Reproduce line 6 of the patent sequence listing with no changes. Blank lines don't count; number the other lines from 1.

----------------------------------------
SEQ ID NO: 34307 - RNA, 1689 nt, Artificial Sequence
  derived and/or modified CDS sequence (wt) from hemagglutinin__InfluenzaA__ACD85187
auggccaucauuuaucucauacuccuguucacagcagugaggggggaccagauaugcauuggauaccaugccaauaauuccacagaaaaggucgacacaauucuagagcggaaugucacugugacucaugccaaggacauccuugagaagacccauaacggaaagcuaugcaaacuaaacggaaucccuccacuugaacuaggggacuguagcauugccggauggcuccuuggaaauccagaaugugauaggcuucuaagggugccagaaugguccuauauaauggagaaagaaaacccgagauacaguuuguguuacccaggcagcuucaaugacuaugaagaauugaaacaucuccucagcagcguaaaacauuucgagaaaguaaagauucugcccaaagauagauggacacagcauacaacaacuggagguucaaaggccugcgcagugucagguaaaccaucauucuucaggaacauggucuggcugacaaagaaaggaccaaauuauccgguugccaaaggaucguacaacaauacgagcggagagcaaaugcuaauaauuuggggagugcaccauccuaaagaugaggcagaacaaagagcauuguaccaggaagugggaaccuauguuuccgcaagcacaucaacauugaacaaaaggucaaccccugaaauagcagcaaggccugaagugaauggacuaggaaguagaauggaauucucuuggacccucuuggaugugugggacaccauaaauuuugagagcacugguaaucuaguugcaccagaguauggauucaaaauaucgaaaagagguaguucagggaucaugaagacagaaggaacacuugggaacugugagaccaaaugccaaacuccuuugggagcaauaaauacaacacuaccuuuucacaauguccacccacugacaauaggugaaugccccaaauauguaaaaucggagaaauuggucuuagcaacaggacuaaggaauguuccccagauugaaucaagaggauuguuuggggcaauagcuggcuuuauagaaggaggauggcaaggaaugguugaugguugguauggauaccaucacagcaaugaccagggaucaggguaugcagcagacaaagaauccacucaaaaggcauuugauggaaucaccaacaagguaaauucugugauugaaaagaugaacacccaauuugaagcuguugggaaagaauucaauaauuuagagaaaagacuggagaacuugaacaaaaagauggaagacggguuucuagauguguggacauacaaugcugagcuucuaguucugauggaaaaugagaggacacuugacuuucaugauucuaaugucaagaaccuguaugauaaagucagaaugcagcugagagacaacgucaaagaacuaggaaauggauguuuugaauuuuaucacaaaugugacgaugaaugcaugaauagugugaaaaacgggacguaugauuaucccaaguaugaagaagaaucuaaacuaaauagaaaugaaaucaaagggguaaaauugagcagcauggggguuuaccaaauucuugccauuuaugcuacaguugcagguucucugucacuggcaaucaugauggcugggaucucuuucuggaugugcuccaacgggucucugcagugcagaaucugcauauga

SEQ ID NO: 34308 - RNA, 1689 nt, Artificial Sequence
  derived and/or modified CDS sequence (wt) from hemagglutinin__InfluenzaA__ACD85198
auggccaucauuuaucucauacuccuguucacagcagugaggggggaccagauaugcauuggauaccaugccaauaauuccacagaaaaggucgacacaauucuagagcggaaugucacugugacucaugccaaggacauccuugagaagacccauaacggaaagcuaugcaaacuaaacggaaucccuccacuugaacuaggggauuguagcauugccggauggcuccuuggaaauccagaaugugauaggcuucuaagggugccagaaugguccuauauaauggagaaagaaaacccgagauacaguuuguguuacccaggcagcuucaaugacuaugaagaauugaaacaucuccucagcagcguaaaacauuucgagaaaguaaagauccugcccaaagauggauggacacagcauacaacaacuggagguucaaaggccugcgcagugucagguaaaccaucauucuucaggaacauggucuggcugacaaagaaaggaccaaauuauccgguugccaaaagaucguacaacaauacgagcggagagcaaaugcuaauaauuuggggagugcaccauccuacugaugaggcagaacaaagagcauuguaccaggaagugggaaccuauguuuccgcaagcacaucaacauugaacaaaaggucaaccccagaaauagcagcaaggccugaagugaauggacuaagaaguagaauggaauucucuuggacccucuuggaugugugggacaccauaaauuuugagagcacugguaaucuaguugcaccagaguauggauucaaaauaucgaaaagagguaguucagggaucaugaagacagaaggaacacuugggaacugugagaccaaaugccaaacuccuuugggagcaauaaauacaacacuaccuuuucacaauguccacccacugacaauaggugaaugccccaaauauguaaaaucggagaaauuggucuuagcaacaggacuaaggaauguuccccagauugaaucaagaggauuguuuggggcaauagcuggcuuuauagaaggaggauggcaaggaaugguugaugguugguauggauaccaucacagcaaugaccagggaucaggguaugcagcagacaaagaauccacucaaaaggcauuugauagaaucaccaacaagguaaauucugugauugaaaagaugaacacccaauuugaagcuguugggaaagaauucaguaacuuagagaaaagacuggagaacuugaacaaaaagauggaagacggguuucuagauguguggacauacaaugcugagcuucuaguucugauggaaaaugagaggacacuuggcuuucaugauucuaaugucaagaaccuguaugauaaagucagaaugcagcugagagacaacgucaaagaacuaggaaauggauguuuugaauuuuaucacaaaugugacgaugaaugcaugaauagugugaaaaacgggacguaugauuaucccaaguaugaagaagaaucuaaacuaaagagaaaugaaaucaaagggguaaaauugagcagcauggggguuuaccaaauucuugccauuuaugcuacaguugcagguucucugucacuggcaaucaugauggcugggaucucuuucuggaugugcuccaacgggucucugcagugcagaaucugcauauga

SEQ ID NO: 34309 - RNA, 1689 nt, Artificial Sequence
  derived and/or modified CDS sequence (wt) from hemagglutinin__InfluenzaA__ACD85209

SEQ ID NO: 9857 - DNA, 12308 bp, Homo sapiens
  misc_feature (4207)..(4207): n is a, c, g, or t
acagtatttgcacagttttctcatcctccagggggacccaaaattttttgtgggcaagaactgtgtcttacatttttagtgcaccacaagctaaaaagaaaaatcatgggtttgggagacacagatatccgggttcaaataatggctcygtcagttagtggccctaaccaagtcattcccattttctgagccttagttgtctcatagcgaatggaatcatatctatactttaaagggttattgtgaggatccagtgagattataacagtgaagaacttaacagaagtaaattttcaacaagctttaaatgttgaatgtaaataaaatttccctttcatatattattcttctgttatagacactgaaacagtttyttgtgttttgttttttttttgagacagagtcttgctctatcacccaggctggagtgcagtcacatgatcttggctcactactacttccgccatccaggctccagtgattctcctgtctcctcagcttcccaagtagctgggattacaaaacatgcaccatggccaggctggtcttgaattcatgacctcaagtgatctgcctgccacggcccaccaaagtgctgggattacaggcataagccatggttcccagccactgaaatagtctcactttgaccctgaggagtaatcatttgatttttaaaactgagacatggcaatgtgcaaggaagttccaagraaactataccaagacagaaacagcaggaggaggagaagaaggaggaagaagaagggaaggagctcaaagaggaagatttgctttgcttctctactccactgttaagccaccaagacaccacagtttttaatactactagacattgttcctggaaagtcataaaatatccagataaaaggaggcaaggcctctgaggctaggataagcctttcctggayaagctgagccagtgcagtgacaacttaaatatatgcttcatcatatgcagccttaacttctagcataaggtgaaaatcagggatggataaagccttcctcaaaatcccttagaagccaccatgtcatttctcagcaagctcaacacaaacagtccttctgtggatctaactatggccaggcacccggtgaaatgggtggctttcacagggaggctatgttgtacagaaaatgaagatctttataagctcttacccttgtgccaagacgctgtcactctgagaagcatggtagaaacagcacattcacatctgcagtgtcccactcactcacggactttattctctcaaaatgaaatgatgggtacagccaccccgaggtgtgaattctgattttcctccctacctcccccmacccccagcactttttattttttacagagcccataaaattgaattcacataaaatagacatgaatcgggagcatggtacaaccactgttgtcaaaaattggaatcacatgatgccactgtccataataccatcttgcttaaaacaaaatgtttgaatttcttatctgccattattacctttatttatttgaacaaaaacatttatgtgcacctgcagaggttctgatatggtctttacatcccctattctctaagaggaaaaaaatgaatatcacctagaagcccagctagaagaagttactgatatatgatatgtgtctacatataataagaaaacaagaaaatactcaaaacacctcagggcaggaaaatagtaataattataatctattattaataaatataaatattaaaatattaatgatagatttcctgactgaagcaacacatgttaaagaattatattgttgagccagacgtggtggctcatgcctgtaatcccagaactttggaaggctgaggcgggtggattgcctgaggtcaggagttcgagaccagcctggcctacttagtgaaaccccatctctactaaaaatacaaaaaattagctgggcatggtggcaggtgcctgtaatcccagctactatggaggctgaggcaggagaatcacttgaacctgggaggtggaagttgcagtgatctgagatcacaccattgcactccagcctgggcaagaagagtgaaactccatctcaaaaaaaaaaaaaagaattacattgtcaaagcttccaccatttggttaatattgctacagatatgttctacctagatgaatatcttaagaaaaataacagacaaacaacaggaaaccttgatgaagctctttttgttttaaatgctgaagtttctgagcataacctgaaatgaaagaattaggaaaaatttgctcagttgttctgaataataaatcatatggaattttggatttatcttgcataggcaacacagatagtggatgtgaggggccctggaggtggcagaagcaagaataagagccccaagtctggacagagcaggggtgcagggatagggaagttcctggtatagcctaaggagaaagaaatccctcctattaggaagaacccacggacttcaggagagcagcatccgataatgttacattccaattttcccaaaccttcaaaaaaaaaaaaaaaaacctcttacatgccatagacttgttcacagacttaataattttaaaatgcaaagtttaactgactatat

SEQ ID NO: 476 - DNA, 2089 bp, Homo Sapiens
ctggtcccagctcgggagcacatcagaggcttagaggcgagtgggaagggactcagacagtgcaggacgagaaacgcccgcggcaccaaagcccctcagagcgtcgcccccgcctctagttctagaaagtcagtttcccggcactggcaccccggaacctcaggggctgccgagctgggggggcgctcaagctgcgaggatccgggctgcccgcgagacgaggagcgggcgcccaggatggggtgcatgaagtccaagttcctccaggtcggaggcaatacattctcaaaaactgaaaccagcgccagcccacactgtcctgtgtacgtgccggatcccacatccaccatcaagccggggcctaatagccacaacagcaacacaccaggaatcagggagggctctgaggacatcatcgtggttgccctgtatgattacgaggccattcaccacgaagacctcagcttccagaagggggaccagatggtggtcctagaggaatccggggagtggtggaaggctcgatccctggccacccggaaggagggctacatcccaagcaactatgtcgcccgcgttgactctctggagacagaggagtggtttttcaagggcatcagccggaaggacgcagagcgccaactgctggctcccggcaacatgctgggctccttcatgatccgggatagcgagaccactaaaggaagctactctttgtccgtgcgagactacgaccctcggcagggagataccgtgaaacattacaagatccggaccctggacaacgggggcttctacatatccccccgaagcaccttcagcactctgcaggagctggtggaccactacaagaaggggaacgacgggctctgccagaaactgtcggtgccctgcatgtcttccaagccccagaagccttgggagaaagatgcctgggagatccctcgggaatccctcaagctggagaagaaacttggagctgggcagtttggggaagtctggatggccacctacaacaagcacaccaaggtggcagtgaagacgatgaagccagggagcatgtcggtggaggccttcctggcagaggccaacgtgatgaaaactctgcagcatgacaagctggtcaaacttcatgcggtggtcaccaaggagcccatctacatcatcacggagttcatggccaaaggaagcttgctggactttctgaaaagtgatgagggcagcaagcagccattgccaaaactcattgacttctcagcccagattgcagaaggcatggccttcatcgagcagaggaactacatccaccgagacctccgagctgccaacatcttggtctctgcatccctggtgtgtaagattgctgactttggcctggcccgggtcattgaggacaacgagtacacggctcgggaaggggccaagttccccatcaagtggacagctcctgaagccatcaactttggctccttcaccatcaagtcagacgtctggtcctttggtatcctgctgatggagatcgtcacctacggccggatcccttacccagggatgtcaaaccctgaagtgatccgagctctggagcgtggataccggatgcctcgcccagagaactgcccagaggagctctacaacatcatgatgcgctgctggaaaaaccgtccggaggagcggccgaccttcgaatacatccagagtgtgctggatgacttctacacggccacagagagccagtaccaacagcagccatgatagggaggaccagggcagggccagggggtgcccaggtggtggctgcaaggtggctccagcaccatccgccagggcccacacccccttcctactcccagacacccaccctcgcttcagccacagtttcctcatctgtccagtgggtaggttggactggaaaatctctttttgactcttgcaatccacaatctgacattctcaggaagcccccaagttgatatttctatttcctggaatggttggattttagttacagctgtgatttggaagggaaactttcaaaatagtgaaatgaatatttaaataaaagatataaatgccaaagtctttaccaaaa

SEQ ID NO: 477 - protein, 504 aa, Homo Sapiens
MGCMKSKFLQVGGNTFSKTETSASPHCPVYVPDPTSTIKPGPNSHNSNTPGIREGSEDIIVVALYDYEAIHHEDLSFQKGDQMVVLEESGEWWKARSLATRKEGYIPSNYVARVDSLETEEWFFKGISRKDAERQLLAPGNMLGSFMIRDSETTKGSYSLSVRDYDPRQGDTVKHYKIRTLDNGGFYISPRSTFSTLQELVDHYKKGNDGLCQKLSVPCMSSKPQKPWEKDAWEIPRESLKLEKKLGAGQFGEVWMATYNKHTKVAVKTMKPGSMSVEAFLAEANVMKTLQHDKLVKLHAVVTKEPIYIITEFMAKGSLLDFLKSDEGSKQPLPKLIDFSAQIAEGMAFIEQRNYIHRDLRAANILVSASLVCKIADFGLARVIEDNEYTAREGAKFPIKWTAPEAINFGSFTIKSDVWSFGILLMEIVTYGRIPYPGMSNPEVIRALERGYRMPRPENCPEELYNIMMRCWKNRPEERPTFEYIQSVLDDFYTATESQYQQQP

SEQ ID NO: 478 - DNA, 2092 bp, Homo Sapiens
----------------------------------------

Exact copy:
auggccaucauuuaucucauacuccuguucacagcagugaggggggaccagauaugcauuggauaccaugccaauaauuccacagaaaaggucgacacaauucuagagcggaaugucacugugacucaugccaaggacauccuugagaagacccauaacggaaagcuaugcaaacuaaacggaaucccuccacuugaacuaggggauuguagcauugccggauggcuccuuggaaauccagaaugugauaggcuucuaagggugccagaaugguccuauauaauggagaaagaaaacccgagauacaguuuguguuacccaggcagcuucaaugacuaugaagaauugaaacaucuccucagcagcguaaaacauuucgagaaaguaaagauccugcccaaagauggauggacacagcauacaacaacuggagguucaaaggccugcgcagugucagguaaaccaucauucuucaggaacauggucuggcugacaaagaaaggaccaaauuauccgguugccaaaagaucguacaacaauacgagcggagagcaaaugcuaauaauuuggggagugcaccauccuacugaugaggcagaacaaagagcauuguaccaggaagugggaaccuauguuuccgcaagcacaucaacauugaacaaaaggucaaccccagaaauagcagcaaggccugaagugaauggacuaagaaguagaauggaauucucuuggacccucuuggaugugugggacaccauaaauuuugagagcacugguaaucuaguugcaccagaguauggauucaaaauaucgaaaagagguaguucagggaucaugaagacagaaggaacacuugggaacugugagaccaaaugccaaacuccuuugggagcaauaaauacaacacuaccuuuucacaauguccacccacugacaauaggugaaugccccaaauauguaaaaucggagaaauuggucuuagcaacaggacuaaggaauguuccccagauugaaucaagaggauuguuuggggcaauagcuggcuuuauagaaggaggauggcaaggaaugguugaugguugguauggauaccaucacagcaaugaccagggaucaggguaugcagcagacaaagaauccacucaaaaggcauuugauagaaucaccaacaagguaaauucugugauugaaaagaugaacacccaauuugaagcuguugggaaagaauucaguaacuuagagaaaagacuggagaacuugaacaaaaagauggaagacggguuucuagauguguggacauacaaugcugagcuucuaguucugauggaaaaugagaggacacuuggcuuucaugauucuaaugucaagaaccuguaugauaaagucagaaugcagcugagagacaacgucaaagaacuaggaaauggauguuuugaauuuuaucacaaaugugacgaugaaugcaugaauagugugaaaaacgggacguaugauuaucccaaguaugaagaagaaucuaaacuaaagagaaaugaaaucaaagggguaaaauugagcagcauggggguuuaccaaauucuugccauuuaugcuacaguugcagguucucugucacuggcaaucaugauggcugggaucucuuucuggaugugcuccaacgggucucugcagugcagaaucugcauauga